UPDATE: Baltimore County budget and finance director Keith Dorsey will serve as acting county administrative officer during Fred Homan's absence, according to spokeswoman Ellen Kobler.
Emergency dispatch recordings made Saturday afternoon, when County Administrative Officer Fred Homan was hurt in a fall from a horse on the North Central Railroad Trail, show that he was getting help from a medical doctor who happened to be on the trail at the time, and that his helmet fell off at some point during the accident. Listen to the recording of the 911 call here.
In the longer of the two recordings released by the county police today, the caller, Karen Buck, who sounds breathless and nervous as she gives information about their location and the accident, can be heard talking to the dispatcher and to people at the scene in northern Baltimore County, including Homan. She says "I barely know this gentleman," and only met him that morning.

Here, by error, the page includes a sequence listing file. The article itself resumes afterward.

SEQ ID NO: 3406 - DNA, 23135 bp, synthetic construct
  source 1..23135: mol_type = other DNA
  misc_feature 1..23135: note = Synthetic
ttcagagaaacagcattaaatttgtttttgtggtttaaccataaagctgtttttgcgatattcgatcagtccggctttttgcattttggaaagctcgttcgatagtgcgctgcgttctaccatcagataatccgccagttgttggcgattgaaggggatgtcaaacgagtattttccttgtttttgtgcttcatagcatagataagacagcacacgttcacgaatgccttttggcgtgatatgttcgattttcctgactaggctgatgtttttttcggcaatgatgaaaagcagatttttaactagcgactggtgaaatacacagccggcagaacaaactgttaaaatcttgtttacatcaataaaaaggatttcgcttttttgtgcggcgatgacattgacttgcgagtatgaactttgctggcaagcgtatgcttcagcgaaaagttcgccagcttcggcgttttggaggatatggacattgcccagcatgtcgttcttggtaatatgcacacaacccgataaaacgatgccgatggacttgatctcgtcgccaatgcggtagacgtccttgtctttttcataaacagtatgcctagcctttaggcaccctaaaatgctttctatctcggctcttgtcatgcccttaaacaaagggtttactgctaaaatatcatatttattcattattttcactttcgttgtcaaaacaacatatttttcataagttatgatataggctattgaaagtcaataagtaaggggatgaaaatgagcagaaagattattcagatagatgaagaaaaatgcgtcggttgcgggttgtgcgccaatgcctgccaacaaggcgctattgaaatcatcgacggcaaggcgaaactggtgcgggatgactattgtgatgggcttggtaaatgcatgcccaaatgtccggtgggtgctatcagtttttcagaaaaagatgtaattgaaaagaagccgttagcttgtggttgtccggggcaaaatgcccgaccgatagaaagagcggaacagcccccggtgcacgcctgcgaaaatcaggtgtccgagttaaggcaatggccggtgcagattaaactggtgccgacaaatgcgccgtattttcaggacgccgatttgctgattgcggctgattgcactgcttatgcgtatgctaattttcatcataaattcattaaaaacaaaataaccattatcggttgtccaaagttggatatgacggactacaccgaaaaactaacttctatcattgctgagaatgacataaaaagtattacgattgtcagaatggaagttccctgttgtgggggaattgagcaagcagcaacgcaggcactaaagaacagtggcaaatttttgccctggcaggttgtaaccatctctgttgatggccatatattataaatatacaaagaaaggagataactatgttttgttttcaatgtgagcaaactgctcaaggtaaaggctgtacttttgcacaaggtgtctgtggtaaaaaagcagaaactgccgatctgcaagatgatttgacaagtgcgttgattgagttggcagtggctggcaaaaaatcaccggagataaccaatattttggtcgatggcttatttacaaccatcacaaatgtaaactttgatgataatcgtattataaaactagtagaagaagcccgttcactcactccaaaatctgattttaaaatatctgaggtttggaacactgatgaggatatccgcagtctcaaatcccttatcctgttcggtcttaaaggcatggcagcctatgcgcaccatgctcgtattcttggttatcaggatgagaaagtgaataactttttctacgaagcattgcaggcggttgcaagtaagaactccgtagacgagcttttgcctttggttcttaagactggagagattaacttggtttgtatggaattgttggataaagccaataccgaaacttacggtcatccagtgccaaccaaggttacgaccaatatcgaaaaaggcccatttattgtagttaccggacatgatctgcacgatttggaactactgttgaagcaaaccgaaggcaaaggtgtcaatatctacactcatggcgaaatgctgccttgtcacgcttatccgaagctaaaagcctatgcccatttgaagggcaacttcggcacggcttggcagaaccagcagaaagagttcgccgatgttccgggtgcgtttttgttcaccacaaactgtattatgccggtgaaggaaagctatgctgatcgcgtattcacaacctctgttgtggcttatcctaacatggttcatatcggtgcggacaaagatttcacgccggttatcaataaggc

"Don't move, we're getting you help, OK, Fred? Fred, no no, don't move," says Buck, who tells the dispatcher that Homan's helmet fell off during the accident that occurred at about 12:30. She tells the dispatcher that she was in the front of the group and Homan was in the back and she did not see how the accident happened.
Buck tells the dispatcher that a medical doctor had stopped to help. The doctor recommended that a helicopter be called to get Homan to a hospital. The county announced on Tuesday that he had been released from the hospital.
Homan, who has worked for the county since 1978, was taken by helicopter to the Maryland Shock Trauma Center. The nature of his injuries has not been released, and all information relating to his condition was edited out of the two recordings before they were released today.
The longer recording runs just over 10 minutes. In the shorter of the two recordings, less than 40 seconds, a different dispatcher is heard directing emergency crews to the scene in Gunpowder Falls State Park.
Homan has worked for the county since 1978. Former County Executive James T. Smith Jr. appointed him to administrative officer in 2007, after he’d served for almost 20 years as budget director.